Focusing on Your Children During Divorce - Men's Divorce Law

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Focusing on Your Children During Divorce

Focusing on Your Children During Divorce

In a recent article from The Province, child and parenting behavior expert Priscilla J. Dunstan offers parents advice on how to make sure their kids feel loved and secure through a divorce.  Dunstan reminds readers that while adults can see change as a good thing, children might feel that change will lead to the “scary” unknown.  Parents will need to convey information to their children during this period in a positive way so that they will change their negative perception.

One of the first things parents should do to help their kids through a divorce is to be mindful of their own visual cues.  Eye rolling, frowning, and dirty looks will not go unnoticed by children.  Therefore, parents need to keep a positive attitude around their ex, so that children can ease into the separation.  Parents should also try to keep their wedding ring on a little longer because it is a symbol of unity the child will be familiar with.  Dunstan suggests “When you’re ready, replace it with one you pick out with your child or move it to another finger.”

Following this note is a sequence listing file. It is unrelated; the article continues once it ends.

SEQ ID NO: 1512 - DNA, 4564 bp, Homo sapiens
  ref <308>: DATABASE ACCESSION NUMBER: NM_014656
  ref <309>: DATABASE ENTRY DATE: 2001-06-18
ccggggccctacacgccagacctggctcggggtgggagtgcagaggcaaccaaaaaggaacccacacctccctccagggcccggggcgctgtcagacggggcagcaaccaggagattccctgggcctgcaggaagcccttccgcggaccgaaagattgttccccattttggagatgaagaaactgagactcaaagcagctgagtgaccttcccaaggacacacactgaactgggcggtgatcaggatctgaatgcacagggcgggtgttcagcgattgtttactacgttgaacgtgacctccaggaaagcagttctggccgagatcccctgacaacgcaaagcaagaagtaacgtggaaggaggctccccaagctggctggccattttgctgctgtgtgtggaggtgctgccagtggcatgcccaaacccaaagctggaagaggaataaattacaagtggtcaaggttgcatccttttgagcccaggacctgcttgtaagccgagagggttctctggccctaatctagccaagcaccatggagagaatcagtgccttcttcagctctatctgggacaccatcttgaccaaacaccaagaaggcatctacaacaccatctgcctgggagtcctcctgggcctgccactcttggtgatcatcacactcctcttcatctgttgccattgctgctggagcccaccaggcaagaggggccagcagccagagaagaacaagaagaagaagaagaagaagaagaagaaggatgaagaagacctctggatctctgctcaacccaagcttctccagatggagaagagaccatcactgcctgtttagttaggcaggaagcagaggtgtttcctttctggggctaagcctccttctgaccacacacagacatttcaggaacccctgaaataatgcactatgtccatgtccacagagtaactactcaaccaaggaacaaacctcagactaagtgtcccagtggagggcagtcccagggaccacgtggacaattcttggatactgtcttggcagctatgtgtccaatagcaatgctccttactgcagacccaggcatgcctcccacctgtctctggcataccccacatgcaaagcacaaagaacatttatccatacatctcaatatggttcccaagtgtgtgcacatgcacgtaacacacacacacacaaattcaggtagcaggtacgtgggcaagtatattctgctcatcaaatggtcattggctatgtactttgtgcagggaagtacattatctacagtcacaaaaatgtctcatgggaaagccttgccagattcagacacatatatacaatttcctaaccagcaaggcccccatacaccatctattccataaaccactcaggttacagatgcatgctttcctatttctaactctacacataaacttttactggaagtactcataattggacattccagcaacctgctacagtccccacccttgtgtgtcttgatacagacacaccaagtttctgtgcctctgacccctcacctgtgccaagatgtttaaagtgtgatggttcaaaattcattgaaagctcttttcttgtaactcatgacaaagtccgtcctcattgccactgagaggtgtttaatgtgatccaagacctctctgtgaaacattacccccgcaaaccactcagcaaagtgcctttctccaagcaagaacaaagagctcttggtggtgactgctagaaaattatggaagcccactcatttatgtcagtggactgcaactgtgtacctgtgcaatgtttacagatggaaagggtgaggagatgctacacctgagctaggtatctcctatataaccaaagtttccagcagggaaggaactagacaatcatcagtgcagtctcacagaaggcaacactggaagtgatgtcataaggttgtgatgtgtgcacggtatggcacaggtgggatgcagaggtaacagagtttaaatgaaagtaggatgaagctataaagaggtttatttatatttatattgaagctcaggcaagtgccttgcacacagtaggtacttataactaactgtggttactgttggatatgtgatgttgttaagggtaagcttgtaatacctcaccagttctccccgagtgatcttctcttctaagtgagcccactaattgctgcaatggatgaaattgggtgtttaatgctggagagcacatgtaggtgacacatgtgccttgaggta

Children are also likely to pick up on changes in parents’ tone of voice.  “If you think a conversation with your ex will end badly, try and have conversations when your kids are not around or go in your car on your cell phone,” Dunstan advises.  She explains that kids will feel hopeless and guilty if they hear you yelling at the other parent because they love whoever is on the receiving end, too.

Another way to help children feel loved during a divorce is to keep special events family-based.  If your child has a concert or a game, they won’t enjoy it if one parent is excluded.  Make sure both you and your ex are aware of upcoming family activities, and remind yourself that you are there to support your child.

Dunstan’s last piece of advice is to stay positive and patient.  “Always act in a way you can be proud of,” she says, and remember that children will “copy your behavior in their own relationships. “  While your children are still young now, they will eventually move out when they are older.  Parents will want their children to continue their relationship with them beyond leaving the house, so providing a secure and loving environment now can have a long term positive effect on the future for both you and your kids.

Click here to read the full article, “Helping Your Child Feel Secure and Loved Through Divorce.”

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